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Re: New Guy Questions

I don't think I'd live on a no-kidding boat unless I was going somewhere with it. Way too much of a pain in the ass. Well worth it when it's a means to an end, but spare yourself the abuse and get a houseboat.

Why maintain a rig if you're never going to use it?

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Old 05-10-2012, 03:25   #7
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Re: New Guy Questions

JOe,

AS the others have noted, learning to sail is fairly easy - learning to sail well takes a lot of time (a lifetime actually).

Were I you, I would rent a houseboat and see if you like marinas. Then I'd take some sailing lessons and finally I'd buy a small sailboat, say 27 feet or thereabouts. Make sure it has an inboard diesel. A boat like that is fairly cheap and can generally be resold for what you pay for it.

Then sail like hell! Day trip and more day trip and then some night sailing and after 3-4 months of that you'll know if you want to become a cruiser or not.

Doing the way outlined above - you'll generate some real sailing skills, have a gang of fun (if you like it), and probably make yourselves some good friends.

good luck

If you do it - let us know someday how it worked out

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Old 05-10-2012, 03:48   #8
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Re: New Guy Questions

Quote:
Originally Posted by joe cool View Post
My wife and I have been living full time in an RV for a couple of years. Its 288 square foot and we have adjusted to the downsize problems OK. I have been reading about the Live aboard life style for awhile . It will just be the two of us, I am leaning towards a sailboat. Is the learning curve higher for a sailboat than other styles. I am not even sure of all the models available and some things are assumptions on my part. A Cruiser is only powered by gas or diesel engines? Catamarands (sp) are both sails and engines? Conventional sailboats have small engines only for use in harbors for docking and such?
We have decided to try to rent a docked boat for a couple of weeks this winter ( we will be going south in the next couple of weeks). We figure if we live in it at the dock we can always walk off if we need to. Now here is the big question, I am a fairly intelligent guy, very mechanically minded, how long will it take to be able to safely cruise around for a day or two at a time?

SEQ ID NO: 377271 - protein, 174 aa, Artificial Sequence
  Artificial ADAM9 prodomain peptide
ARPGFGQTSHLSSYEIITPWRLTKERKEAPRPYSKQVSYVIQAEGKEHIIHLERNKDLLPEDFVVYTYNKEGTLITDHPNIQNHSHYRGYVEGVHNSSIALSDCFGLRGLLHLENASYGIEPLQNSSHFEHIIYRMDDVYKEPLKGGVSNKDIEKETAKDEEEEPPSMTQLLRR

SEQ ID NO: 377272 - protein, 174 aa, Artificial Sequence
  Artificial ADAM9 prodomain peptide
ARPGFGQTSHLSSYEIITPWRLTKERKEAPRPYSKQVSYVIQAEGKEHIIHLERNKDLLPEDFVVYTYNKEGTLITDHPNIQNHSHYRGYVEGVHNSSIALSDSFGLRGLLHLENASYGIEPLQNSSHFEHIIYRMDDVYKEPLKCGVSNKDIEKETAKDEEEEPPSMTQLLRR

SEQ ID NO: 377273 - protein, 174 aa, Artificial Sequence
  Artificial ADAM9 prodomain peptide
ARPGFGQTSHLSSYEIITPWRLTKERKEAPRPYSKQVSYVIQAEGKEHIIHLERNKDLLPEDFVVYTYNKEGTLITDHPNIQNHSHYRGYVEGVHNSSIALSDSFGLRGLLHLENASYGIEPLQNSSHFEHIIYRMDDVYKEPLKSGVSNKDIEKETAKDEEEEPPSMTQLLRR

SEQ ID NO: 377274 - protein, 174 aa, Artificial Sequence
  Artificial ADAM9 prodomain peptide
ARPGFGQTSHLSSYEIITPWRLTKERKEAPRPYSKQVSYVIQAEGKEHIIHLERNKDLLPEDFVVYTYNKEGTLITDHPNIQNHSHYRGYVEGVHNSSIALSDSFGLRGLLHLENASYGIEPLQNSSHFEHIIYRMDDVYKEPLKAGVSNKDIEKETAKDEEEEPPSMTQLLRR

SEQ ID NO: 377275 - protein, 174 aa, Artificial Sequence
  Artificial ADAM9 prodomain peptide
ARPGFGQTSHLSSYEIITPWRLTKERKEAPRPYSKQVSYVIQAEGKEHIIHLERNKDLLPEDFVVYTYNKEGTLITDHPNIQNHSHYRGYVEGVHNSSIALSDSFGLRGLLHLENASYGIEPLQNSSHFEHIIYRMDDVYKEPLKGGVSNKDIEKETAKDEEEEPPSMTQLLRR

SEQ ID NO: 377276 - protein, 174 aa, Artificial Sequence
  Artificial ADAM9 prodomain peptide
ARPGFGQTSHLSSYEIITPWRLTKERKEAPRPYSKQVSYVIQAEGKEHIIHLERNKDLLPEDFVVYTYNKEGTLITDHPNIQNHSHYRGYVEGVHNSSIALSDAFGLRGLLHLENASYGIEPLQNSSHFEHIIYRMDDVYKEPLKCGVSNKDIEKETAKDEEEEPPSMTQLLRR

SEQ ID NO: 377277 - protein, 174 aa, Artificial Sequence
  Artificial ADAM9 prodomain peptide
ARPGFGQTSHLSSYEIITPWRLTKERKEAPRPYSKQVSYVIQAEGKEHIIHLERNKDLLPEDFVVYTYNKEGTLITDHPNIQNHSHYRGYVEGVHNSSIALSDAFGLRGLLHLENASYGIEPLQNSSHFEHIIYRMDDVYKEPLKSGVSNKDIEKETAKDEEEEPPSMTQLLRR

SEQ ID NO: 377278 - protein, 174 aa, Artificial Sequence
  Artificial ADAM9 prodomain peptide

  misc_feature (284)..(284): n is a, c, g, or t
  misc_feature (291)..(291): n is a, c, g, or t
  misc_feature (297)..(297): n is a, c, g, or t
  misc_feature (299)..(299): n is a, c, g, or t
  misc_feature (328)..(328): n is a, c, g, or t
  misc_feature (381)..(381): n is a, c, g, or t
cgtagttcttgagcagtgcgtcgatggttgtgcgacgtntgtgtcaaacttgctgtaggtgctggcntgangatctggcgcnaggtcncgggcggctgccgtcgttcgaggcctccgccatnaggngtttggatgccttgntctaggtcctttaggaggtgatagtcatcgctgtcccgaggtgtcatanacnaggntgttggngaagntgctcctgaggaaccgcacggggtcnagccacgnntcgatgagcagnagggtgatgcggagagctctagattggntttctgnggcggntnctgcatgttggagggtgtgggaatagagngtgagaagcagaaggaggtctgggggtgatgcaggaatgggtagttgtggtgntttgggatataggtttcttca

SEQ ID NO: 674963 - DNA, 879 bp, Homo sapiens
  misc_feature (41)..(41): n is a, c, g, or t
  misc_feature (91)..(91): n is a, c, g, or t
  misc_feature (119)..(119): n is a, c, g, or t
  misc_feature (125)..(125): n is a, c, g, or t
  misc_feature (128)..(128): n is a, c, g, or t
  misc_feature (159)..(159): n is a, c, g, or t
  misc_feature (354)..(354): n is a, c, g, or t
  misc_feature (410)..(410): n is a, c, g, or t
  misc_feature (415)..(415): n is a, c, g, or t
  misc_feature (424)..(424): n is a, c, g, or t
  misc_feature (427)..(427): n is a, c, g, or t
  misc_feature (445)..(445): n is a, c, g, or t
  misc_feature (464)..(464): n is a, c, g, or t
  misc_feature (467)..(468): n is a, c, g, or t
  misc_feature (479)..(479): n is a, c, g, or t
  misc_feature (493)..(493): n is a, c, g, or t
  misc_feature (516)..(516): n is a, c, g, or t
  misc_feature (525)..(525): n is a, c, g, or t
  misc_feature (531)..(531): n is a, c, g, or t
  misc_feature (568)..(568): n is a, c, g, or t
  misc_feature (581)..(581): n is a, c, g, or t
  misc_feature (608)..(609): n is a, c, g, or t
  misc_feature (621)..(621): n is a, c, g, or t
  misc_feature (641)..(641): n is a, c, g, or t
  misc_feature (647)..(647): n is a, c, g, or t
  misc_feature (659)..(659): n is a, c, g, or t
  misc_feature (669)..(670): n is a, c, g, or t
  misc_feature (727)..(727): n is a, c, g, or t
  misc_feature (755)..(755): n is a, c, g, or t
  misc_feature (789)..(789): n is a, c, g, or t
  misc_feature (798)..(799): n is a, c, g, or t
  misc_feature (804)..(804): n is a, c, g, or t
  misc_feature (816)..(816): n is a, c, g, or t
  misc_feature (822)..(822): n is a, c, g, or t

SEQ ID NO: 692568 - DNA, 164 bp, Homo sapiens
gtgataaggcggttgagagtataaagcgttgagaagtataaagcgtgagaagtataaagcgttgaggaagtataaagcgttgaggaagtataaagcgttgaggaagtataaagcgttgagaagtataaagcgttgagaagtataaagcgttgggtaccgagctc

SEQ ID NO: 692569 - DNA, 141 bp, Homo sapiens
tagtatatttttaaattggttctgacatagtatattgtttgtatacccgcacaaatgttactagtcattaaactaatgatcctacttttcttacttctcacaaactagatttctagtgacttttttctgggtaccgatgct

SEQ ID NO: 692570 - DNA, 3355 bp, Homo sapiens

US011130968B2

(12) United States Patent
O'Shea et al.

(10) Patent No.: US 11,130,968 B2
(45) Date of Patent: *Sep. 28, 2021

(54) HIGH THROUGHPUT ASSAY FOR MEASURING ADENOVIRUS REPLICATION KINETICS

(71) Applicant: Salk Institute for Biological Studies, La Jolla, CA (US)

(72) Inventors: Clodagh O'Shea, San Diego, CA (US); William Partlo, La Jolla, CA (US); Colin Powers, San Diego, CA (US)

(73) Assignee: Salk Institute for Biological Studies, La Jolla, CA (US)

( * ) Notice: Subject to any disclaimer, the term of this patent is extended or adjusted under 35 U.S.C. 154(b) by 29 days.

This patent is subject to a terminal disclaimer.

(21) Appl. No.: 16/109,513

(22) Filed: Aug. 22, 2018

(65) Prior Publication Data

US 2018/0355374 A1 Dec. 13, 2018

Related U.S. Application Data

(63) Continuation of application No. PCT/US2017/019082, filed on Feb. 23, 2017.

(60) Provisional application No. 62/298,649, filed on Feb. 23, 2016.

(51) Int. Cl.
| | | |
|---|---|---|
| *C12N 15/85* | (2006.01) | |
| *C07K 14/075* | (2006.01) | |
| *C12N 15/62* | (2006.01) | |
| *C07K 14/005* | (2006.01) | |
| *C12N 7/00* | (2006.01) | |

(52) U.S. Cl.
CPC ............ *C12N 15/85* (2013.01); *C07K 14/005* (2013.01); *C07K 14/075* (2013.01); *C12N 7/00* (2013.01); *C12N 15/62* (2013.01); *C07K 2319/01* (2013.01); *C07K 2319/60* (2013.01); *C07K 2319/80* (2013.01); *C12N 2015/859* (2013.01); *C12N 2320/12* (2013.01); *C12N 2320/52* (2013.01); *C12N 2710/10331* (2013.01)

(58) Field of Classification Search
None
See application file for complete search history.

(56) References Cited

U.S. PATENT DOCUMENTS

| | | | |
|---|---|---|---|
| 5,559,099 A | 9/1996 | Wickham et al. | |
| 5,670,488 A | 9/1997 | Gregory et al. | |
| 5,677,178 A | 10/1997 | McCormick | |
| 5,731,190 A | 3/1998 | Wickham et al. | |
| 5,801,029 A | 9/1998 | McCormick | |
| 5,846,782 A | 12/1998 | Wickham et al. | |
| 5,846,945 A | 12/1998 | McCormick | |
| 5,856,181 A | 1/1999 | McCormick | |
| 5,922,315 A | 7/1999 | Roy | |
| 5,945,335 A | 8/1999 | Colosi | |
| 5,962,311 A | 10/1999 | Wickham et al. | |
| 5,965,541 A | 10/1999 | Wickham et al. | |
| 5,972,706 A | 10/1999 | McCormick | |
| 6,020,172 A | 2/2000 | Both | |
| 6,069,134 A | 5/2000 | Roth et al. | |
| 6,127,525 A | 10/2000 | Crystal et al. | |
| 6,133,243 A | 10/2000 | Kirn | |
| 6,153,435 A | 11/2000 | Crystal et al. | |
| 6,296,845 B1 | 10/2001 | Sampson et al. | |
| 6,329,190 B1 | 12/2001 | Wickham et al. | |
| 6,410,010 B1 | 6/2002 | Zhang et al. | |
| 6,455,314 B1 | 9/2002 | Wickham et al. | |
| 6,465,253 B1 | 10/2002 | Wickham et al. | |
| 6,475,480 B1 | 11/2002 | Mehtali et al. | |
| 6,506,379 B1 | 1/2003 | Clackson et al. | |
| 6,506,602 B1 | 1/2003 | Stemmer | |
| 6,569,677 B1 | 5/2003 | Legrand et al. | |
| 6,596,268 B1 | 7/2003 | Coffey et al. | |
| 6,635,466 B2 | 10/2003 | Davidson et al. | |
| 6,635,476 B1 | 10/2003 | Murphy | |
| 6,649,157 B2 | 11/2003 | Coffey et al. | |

Where in the south would be the easiest and best to rent for a couple of weeks to see if we can do it?We will stay at the dock ,no desire yet to sail.
Thanks for your time.
We had RV's for many years but also used fishing boats on weekends every few years. As for living on one thats not an issue in a Mariana. We decided to take the plunge & got a PDQ Catamaran with no real experience & sailed from fort Myers & now 7 months on are in dominican republic waiting for weather to change. There are a few good web pages of people who have done the same with NO Knowledge at all, 2 i have followed are zerotocruising & slap dash these people never sailed or had even set foot on boats. All i would say is life is to short to not try something new & adventurous
!! good luck
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Old 05-10-2012, 04:32   #9
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Re: New Guy Questions

if you are serious about making the change,your best bet is to join a boat that is actively cruising and learn at the feet of a master!
a few weeks onboard will soon convince you if the life is for you or not

http://www.cruisersforum.com/forums/...rew-74493.html
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Old 05-10-2012, 09:22   #10
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Re: New Guy Questions

Quote:
Originally Posted by Bash View Post
The last thing this world needs is another boat content to stay at the dock. Get back to us when the desire to sail sets in.
Sorry to impose ,we ran into the same thinking when we opened our first business,then again when we went full time rving.
We survived both and we will make this work also.
Thanks for letting me know where we stand.
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Old 05-10-2012, 11:37   #11